October 30, 2016
Martin Luther Quizbowl
We’ve been handing out questions and information about Martin Luther and the Reformation for weeks now at Our Savior’s. And we’ve been warning people that they should learn all they can….because there’s going to be a TEST! Our Sunday morning sermon is it – the Luther Quizbowl. So here goes.
1: In what year was Martin born?
a)1483; b) 1492; c) 1517
2: Where was Luther born?
a)Sweden; b) France; c) Germany
3: In what language was the Bible written in Luther’s day?
4: Who had a Bible in their home in the 16th Century?
5: What was Luther’s original plan for this life?
a)be a lawyer; b) own a mine; c) become a priest
6: What changed his mind?
a) an accident; b) a dangerous storm; c) his father’s request
As a monk, Luther was terrified of his own failings and went to confession at least every day. Luther’s confessor sent him to school to study scripture, hoping that in the Bible, Martin would find a gospel that would free him from his fear of failure to please God.
7: Frederick the Wise, Elector of Saxony, established a university where Luther became a professor of Biblical Studies in 1512. In what city was that university?
a) Berlin; b) Wartburg; c) Wittenburg
8: As a Biblical professor Luther discovered in the Book of Romans
a)God’s wroth; b) God’s grace; c) God’s invitation
9: What was Pope Leo X’s fundraising strategy for building St Peter’s Cathedral in Rome?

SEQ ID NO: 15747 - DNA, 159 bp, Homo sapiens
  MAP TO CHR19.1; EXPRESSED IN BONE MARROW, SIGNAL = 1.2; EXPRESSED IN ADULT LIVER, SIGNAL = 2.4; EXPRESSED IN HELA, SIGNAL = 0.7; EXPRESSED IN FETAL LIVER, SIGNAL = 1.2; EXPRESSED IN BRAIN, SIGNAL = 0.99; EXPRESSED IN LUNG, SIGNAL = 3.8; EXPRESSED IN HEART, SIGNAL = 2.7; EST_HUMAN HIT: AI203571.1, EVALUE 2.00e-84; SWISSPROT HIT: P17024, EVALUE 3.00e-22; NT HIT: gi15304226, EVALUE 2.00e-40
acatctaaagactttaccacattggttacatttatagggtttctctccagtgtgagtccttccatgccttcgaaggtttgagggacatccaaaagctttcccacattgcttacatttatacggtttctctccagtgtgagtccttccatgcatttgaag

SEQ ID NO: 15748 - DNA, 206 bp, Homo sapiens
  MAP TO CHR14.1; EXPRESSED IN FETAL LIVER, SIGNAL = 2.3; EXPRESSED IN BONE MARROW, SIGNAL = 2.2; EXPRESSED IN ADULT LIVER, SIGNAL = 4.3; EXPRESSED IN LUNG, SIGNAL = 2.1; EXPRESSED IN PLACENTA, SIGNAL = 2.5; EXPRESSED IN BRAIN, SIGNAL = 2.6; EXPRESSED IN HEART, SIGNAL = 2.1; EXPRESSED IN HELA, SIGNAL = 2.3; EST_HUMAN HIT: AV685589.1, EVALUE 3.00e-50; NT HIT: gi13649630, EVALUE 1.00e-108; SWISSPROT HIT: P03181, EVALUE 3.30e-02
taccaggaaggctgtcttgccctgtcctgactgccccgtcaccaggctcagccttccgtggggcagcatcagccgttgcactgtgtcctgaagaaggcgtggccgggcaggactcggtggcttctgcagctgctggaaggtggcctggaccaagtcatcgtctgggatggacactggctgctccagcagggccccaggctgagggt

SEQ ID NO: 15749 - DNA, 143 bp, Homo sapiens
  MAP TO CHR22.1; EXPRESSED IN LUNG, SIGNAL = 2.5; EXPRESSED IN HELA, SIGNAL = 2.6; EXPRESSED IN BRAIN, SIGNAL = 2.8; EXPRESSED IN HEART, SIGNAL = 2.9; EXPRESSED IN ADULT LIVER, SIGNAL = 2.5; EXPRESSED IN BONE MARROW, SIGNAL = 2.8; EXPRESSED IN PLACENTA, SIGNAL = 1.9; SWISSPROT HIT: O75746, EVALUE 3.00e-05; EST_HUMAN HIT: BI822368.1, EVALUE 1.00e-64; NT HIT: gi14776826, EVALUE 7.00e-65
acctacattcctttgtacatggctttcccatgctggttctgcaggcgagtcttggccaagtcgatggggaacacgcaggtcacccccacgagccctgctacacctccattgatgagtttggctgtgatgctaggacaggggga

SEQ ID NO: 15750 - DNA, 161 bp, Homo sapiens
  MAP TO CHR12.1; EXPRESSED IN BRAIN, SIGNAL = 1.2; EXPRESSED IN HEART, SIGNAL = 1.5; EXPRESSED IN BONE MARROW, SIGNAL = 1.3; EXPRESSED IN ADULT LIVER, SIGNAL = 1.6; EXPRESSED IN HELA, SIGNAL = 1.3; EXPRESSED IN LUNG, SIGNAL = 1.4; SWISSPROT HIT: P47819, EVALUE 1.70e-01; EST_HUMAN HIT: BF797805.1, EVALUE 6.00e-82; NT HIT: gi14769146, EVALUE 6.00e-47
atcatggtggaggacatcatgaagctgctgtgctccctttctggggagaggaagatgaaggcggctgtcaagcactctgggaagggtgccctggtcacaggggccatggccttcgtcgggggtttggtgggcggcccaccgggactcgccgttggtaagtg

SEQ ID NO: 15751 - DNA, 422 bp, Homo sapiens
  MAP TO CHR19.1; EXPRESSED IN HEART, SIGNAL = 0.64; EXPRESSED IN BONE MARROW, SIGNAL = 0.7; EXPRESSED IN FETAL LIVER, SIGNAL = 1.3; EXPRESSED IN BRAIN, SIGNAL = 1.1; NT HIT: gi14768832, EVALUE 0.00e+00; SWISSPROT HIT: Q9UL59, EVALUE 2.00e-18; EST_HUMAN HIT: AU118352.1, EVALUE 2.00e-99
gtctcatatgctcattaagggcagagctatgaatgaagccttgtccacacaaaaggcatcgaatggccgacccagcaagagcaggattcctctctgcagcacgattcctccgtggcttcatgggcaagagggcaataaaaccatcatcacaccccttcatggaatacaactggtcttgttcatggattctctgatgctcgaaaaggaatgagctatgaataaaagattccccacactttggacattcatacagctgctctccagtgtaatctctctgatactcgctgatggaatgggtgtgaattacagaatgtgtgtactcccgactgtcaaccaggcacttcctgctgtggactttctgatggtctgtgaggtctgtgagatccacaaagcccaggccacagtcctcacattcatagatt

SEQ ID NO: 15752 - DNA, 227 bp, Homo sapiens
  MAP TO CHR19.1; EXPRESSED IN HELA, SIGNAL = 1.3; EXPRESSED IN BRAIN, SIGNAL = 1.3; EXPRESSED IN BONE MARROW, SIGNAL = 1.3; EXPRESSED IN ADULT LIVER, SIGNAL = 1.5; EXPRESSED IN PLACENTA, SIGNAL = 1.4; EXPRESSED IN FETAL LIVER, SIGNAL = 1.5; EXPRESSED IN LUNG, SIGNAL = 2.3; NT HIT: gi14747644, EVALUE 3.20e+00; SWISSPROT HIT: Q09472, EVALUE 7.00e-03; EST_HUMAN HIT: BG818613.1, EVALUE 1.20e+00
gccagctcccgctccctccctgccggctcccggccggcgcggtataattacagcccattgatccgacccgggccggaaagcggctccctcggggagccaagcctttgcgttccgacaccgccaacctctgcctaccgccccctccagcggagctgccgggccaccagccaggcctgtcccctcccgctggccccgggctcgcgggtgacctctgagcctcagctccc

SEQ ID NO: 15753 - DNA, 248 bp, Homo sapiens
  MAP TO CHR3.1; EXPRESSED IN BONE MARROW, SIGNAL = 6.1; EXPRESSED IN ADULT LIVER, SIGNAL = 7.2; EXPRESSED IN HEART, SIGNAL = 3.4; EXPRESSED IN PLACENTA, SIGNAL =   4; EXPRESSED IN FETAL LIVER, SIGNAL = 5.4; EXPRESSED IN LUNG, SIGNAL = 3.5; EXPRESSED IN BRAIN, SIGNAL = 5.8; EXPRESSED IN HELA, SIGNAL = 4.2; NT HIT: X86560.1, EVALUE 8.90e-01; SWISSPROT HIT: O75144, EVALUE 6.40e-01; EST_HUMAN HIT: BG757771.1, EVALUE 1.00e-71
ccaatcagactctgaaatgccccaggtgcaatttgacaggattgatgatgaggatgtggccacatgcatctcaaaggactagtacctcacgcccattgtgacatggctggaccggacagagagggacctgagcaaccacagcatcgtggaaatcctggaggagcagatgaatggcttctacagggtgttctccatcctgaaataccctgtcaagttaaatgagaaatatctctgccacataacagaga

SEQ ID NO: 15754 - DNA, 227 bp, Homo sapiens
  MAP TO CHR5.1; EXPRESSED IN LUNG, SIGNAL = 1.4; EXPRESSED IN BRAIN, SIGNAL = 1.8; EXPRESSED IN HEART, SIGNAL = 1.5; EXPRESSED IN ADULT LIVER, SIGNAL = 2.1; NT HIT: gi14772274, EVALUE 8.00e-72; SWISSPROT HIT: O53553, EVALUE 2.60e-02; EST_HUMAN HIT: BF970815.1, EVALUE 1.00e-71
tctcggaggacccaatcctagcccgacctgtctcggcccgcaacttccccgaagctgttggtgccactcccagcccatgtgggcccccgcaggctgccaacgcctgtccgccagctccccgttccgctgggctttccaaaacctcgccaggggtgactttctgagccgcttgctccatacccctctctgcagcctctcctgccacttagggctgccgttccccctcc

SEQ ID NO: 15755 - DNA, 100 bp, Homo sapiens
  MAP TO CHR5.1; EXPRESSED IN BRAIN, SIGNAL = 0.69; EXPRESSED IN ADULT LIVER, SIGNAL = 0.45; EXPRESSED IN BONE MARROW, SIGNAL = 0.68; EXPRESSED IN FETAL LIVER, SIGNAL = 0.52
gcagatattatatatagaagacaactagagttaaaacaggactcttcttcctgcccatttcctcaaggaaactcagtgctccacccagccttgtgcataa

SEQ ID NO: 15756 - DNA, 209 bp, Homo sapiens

10: What did you get when you bought an indulgence from the Church?
11: Can you explain Luther’s primary disagreement with indulgences?
Luther had witnessed the corruption of the church when he travelled to Rome as a monk. It angered him to see the immorality and wealth of the clergy. When his congregation was being required to buy indulgences to get forgiveness, he couldn’t keep silent any longer. He saw the church terrorizing the very people it was meant to save. That is when he asked for a theological discussion about it.
12: What happened on October 31, 1517?
a) the first Hallowe’en; b) Luther posted his 95 theses; c) the Pope excommunicated him
13: What happened to his list of theological discussion points?
a) they were torn down immediately; b) they were printed for everyone to read; c) they were burned by the Pope
14: What is a heretic?
a)someone who disagrees with you; b) someone who doesn’t believe what the church believes; c) a bad theologian; d) a fake intellectual
15: Who declared that Martin Luther was a heretic?
a) the people; b) Frederick the Wise; c) the Pope; d) the Diet of Worms
16: What was the letter that excommunicated Luther called
a) Papal Bull; b) Pig in a Poke; c) Official Notice
17: Pope Leo X declared that all Luther’s writings should be burned. What went in Luther’s fire?
a) all the books Luther didn’t need; b) some of his writings; c) the Papal Bull and a book of church law; d) old stuff from the college library
18: The Conference with the Holy Roman Emperor in 1521, at which Luther was asked to take back his criticism of the church was called
a) the Church Convention; b) the Diet of Worms; c) the Pope’s Convocation
19: Luther amazed the Emperor and the Church by refusing to recant. He said
a) “here I stand, I can do no other” b) “not on your life, sir” c) “It would be a crime”
20: Pope Leo X excommunicates Luther and sends him a
a) an excommunication greeting card; b) an order to report to jail; c) a death warrant; c) notice that he can no longer teach